Perfect for camping and/or hunting, the Ka-Bar Becker Companion Knife has the strength for splitting kindling, and the sharp edge required for skinning game or chopping onions for the campfire grill. Designed for everyday utility, the knife has a 5.5-inch drop point blade of 1095 cro-van steel, that can puncture and slice with a versatile 20-degree edge angle.
The Grivory handle, meanwhile, provides a balanced grip for any outdoors chore. The fixed blade knife measures 10.5 inches long overall, and is easy to carry with the included glass-filled nylon sheath. Made in the USA, the Companion knife is built tough to handle all your outdoor adventures and carries a limited lifetime warranty against defects in materials and workmanship from Ka-Bar.
Weight: 1 pound
Blade Length: 5.25 inches
Overall Length 10.5 inches
Shape: Drop point
Edge Angle: 20 degrees
Steel: 1095 Cro-Van
Handle Material: Grivory
Stamp: Ka-Bar Becker
Knife Made in USA
Sheath Made in Taiwan
Limited lifetime warranty
The purpose of the knife is to have a knife that can be strapped to the outside of a MOLLE or ALICE pack. The knife has to be sturdy enough to clear small brush, chop small limbs, cut tent stakes, clean fish, butcher wild game, or even use the spine of the knife as a hammer.
My current “go to” knife is a Cold Steel Recon Scout. The new knife is not intended to be a replace the Recon Scout, but more along the lines of an alternative. The Recon Scout has a belt loop, but no MOLLE or ALICE attachments. I want a knife that can quickly and easily attach to any of my packs.
Thick spine – so the knife could be used as a wedge for splitting wood. If I wanted to make a fish trap, or fishing spear the knife needed to be thick enough to drive through a piece of wood like a wedge.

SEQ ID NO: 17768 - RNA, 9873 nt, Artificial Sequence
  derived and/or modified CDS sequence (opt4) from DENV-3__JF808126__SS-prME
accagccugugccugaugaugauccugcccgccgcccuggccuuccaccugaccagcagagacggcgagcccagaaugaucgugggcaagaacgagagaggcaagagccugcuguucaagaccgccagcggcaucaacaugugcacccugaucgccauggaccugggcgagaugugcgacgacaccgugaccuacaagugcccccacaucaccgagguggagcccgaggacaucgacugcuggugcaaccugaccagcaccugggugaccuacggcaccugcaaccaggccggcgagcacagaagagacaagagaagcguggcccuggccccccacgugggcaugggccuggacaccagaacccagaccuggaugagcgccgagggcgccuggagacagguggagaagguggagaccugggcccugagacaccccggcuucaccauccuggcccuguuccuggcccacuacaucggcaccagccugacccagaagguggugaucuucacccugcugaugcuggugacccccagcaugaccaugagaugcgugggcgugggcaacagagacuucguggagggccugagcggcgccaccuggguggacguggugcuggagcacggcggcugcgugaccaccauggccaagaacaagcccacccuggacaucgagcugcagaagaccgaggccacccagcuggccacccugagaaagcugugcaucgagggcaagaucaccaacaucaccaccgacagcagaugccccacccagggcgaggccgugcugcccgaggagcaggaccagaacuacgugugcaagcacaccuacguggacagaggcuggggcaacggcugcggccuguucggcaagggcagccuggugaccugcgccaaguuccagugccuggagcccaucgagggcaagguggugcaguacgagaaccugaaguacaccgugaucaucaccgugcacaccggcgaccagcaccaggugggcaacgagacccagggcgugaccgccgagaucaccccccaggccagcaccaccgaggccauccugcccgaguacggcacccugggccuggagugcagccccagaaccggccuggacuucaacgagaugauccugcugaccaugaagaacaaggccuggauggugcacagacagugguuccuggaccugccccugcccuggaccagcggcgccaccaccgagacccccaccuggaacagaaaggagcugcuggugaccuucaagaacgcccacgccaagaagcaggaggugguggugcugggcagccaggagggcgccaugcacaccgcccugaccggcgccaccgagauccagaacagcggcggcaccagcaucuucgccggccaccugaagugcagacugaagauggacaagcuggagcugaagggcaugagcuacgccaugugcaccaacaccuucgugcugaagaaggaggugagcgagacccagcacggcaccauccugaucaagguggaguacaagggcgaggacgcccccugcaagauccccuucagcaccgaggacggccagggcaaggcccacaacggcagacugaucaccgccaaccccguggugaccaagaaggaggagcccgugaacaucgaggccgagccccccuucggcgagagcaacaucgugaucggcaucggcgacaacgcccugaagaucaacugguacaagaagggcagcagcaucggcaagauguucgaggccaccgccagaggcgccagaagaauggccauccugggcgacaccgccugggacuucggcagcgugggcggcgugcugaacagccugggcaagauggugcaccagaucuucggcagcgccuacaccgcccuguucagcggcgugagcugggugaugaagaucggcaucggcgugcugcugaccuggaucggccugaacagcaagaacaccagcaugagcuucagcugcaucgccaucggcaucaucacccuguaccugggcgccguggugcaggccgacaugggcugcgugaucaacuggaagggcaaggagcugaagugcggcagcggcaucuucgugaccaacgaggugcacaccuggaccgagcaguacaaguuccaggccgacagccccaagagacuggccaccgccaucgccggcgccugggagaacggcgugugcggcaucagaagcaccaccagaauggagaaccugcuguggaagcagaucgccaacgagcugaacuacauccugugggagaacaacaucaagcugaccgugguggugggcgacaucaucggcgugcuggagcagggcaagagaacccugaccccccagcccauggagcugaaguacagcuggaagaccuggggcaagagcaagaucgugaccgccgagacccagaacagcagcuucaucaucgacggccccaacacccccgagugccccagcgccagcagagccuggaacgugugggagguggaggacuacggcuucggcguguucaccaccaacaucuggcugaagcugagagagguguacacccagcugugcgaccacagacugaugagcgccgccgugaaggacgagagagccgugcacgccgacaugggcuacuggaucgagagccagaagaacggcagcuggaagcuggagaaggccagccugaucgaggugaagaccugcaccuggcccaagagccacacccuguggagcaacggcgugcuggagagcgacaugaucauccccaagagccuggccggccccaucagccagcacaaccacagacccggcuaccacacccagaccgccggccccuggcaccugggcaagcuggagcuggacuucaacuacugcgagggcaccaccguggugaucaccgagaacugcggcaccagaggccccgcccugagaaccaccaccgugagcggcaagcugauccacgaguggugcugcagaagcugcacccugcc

One of the drawbacks to having a thick spine, thick knives do not make good skinning or butchering knives.
Curved blade – for a good slicing edge. Regardless of what part of the blade was being used to cut, the blade would have a curve to it. An example of what I was looking for is the ULU Knife used by native Alaskans.
You have $25 to spend, you want to buy a good quality knife, so which one do you buy?
What is the purpose of a $25 survival knife? In my opinion, knives in that price range are disposable. They are the knives that if lost or stolen are not going to be expensive to replace.
From a survivalist point of view, spend $100 on 3 or 4 knives, store them at your Bug Out Location, keep one in a tackle box or use them for hand out knives to friends and family. Someone breaks into your Bug Out Location, steals your knives, you are not out several hundred dollars.
Sheath Belt loop or ALICE / MOLLE attachments
Made from quality steel
Most of the corner stores around here have knifes made in third world countries. Most of the ones I see sell for less then $10. For this purchase we need something that is made from quality steel, will hold a good edge and will be easy to sharpen.
Back around 1983 I bought into the survival knife craze created by Rambo First Blood. My first survival knife had a hollow handle, made of some kind of 440 stainless steel, held an edge like butter, and took an hour to sharpen. That knife was more of a play toy then a real duty knife. The hollow handled knives are a novelty item. If you want a serious knife, steer clear of them.
There are a lot of good knives out on the market, so please do not get offended if your favorite was not listed. Picking a good knife is like picking a good car. With so many options on the market, its easy to overlook some of the better ones.